These fishes dwell only in Oregon backwaters and are the first fish ever taken off U.S. Endangered Species Act protection.
The Oregon chub is typically about 3 inches long, with an olive-green back, silvery side and large scales.
In 1993 it was only found in eight areas, with a total population of about 1,000. With the help of protections put in place by state and local government and residents, the fish has multiplied. Its population now stands at more than 150,000 fish in 80 locations.
So far, 26 species have effectively recovered and been detached from the list since it was created 40 years ago.
The change isn’t abrupt. The proposal practice consists of a 60-day public comment period, and if successful the agency will persist to monitor the fish for nine years to make sure the growth continues.
“While the chub isn’t an iconic fish species that many think about… it is a very important part of the ecosystem and indicator of good water quality and ecosystem health,” said Paul Henson, with the Oregon Fish and Wildlife Office, in a statement. “By successfully recovering the chub, we’re helping many iconic wildlife species and improving the watershed for all Oregonians.”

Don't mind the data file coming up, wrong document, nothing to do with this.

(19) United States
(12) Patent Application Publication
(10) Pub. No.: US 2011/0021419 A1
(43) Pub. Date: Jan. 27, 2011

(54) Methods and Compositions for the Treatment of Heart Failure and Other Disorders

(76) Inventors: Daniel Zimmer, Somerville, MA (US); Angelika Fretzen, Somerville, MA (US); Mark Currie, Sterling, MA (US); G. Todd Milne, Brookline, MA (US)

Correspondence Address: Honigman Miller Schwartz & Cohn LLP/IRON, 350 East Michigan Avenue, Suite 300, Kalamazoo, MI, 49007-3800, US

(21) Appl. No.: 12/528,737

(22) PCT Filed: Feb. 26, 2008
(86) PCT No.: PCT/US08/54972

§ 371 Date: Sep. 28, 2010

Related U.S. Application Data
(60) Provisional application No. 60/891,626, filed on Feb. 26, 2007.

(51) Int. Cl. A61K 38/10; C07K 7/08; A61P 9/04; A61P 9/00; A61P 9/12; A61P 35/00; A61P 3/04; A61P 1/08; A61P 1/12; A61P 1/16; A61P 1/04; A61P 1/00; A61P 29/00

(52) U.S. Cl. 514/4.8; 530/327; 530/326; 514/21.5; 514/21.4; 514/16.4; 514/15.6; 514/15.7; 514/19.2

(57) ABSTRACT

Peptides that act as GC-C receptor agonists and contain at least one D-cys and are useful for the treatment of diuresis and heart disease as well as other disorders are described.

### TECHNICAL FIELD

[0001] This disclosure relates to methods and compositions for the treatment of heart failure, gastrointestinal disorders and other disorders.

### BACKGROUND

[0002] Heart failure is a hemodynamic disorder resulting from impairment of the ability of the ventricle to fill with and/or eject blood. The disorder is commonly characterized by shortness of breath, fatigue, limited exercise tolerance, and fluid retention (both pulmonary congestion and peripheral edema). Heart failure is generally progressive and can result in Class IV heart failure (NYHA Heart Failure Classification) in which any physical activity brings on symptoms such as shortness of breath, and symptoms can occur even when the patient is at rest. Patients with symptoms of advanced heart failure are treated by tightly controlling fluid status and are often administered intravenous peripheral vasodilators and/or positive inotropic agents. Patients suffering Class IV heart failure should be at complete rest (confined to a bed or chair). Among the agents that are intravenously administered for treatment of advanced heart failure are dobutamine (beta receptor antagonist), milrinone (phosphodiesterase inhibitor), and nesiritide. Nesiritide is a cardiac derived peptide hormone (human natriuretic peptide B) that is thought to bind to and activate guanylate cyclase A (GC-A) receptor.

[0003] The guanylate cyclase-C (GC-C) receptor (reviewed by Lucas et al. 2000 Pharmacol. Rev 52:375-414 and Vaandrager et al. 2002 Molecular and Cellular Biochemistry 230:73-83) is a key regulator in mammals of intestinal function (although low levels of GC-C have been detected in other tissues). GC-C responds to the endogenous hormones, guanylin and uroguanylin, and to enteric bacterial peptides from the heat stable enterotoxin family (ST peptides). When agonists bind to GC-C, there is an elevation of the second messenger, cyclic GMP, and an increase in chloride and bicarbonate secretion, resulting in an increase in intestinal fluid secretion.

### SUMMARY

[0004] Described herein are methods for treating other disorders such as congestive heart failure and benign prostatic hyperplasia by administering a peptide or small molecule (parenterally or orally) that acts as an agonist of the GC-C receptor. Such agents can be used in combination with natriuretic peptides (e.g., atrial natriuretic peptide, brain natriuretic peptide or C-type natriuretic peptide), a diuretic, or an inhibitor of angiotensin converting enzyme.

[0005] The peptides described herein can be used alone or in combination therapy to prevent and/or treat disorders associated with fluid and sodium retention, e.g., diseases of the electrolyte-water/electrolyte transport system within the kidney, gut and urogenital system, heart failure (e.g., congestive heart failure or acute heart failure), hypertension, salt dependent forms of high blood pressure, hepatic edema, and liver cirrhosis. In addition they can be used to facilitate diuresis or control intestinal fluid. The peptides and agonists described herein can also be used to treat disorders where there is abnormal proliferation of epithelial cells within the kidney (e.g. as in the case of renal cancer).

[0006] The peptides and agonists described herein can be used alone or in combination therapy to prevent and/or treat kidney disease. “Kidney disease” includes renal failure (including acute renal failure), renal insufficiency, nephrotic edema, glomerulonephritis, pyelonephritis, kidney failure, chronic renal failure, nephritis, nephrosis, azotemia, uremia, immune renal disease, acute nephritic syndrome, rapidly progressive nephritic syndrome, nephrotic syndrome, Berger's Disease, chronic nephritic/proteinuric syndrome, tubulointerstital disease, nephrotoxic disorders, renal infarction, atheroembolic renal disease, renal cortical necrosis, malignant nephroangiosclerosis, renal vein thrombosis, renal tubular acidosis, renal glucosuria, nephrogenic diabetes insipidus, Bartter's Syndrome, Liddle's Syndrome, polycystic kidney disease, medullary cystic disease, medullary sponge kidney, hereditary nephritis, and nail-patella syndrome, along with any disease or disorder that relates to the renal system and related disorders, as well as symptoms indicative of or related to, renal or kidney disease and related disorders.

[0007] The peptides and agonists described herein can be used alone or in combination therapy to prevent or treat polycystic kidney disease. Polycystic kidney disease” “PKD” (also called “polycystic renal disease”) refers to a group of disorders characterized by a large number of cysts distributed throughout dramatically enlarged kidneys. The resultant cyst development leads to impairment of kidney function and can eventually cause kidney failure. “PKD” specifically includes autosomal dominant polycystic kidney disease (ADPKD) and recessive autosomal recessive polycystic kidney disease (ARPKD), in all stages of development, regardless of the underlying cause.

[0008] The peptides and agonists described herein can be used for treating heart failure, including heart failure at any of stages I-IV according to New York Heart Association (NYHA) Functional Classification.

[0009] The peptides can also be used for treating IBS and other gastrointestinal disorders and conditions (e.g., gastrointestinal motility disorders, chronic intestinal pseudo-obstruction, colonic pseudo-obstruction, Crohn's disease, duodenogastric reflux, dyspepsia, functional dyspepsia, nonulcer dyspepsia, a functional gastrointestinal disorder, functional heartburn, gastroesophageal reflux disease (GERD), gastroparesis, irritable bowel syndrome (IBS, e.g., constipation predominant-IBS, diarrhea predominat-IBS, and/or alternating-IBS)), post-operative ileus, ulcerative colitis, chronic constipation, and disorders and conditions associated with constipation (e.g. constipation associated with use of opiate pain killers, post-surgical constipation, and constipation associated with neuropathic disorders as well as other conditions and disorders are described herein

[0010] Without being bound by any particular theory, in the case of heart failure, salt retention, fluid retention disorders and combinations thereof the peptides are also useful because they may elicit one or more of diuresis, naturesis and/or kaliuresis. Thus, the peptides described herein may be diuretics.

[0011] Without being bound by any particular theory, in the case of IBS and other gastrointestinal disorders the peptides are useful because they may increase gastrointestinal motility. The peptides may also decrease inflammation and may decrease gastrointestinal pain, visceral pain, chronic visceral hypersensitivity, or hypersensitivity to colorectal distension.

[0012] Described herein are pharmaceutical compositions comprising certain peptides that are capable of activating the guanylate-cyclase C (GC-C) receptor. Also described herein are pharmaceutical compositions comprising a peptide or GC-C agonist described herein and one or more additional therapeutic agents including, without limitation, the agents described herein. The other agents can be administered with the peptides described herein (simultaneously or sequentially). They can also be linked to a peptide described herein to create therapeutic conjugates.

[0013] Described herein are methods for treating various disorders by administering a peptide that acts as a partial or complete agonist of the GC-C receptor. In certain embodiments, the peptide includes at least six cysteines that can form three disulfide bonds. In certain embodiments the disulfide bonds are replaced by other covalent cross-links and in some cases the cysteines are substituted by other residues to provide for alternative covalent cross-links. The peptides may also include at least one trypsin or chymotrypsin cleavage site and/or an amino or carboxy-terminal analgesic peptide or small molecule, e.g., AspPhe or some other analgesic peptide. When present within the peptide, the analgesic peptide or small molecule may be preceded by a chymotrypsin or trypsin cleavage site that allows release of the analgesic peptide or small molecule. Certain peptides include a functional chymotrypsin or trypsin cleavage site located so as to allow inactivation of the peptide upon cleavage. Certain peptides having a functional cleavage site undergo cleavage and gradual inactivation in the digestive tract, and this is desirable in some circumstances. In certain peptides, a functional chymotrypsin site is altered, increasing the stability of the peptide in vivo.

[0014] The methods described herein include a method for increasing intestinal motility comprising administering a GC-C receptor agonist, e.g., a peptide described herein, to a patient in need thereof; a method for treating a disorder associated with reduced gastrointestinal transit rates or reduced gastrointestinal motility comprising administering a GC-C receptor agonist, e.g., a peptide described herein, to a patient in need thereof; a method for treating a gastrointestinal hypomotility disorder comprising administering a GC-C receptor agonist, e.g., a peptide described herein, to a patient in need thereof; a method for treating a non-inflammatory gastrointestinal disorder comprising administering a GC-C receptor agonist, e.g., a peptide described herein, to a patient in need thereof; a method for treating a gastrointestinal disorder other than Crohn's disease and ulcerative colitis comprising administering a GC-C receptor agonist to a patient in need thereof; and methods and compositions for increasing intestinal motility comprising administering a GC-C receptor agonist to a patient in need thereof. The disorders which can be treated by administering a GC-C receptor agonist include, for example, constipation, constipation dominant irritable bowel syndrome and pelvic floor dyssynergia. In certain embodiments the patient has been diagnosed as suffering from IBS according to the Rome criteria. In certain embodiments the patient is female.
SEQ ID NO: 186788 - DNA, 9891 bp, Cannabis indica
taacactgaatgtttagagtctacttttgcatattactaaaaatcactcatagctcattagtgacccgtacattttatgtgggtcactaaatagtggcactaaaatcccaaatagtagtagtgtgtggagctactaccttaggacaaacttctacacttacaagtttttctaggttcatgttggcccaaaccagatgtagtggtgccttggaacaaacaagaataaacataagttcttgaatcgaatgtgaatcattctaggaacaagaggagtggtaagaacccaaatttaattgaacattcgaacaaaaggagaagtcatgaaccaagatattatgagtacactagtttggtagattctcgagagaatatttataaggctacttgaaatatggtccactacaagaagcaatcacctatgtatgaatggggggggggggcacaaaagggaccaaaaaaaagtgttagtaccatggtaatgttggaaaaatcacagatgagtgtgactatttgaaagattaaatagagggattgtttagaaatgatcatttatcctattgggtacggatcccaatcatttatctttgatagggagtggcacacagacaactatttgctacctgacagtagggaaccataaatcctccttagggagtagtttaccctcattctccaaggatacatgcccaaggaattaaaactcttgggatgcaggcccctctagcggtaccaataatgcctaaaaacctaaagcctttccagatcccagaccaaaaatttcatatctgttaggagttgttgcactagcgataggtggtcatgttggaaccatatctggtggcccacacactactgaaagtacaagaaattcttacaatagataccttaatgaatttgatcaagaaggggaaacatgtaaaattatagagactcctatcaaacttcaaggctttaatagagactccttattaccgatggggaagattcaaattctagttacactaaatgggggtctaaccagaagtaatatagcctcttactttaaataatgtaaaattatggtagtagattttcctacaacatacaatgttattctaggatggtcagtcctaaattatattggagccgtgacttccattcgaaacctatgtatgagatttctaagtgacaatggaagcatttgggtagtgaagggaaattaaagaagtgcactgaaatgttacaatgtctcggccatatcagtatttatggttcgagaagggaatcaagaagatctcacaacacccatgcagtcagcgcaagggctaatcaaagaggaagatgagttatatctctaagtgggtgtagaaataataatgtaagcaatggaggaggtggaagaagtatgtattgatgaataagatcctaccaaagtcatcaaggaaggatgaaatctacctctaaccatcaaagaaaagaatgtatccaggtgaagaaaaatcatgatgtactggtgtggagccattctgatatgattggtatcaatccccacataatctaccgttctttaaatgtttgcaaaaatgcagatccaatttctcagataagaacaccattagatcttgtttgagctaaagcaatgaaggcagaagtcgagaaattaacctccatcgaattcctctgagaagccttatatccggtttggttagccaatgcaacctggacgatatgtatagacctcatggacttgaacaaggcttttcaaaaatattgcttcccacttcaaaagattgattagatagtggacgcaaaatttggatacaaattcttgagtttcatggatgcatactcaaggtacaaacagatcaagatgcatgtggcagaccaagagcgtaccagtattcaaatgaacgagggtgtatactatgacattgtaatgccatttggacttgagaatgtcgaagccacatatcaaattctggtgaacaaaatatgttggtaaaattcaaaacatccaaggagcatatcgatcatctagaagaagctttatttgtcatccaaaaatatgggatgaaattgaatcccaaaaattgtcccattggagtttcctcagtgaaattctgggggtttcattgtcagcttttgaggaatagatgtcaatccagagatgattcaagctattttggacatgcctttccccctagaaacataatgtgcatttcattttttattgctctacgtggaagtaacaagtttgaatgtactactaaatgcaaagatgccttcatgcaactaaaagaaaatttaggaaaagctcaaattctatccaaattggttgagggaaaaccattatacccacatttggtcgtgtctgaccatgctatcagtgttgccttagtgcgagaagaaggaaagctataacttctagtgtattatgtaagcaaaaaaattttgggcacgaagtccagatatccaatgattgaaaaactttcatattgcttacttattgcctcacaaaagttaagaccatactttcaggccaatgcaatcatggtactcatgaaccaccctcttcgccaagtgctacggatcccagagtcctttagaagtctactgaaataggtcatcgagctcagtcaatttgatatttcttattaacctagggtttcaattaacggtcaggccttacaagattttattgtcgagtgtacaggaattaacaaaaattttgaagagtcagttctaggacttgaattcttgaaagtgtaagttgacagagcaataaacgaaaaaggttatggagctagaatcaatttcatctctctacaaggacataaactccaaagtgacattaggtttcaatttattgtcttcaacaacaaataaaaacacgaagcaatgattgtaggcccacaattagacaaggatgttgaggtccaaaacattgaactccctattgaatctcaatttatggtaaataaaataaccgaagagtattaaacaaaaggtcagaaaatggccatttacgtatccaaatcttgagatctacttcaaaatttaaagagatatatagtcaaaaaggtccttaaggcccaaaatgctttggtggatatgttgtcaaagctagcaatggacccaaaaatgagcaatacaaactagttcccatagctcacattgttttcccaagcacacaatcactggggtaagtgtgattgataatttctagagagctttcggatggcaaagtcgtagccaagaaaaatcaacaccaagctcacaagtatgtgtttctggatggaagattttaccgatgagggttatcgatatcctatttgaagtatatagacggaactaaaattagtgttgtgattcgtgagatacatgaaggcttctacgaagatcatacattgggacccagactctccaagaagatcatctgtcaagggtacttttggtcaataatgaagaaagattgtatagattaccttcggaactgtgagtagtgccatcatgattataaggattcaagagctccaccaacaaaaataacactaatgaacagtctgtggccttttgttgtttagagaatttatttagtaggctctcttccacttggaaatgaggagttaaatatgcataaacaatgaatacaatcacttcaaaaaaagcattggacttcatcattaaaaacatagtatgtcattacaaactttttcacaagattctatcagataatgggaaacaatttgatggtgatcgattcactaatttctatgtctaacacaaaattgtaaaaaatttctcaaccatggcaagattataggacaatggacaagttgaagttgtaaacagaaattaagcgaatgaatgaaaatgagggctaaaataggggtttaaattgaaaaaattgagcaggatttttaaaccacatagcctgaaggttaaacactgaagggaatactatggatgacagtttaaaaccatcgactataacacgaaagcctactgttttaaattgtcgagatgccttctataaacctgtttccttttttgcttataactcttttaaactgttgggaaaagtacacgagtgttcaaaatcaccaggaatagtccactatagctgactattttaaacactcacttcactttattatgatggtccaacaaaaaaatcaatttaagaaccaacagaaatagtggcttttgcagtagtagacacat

The Oregon Department of Fish and Wildlife has sustained recovery efforts since 2005.
The Oregon chub eats aquatic insects like mosquitoes and has a lifespan of up to 10 years. Repair of its riparian habitat also helps rare amphibians like the red-legged frog and native reptiles like the Western pond turtle.
Roy Elicker, Director of the Oregon Department of Fish and Wildlife said, “The partnership with the U.S. Fish and Wildlife Service was instrumental in Oregon chub recovery efforts”. “Their funding of monitoring and restoration activities, combined with the coordination of the safe harbor agreement to protect landowners, is big reasons why we’re celebrating this recovery.”
“The success we have had with the Oregon chub reinforces that, working together, we can recover species that currently are threatened or endangered” said Sally Jewell, Secretary of the Interior.
Phil Pister, retired fishery biologist with the California Department of Fish and Wildlife and founder of the conservation-oriented Desert Fishes Council, said it is essential to save fish like Oregon chub that have no evident commercial value.
“When people ask why it’s important to rescue endangered fish, I ask them, ‘How would you feel if you were the fish?'”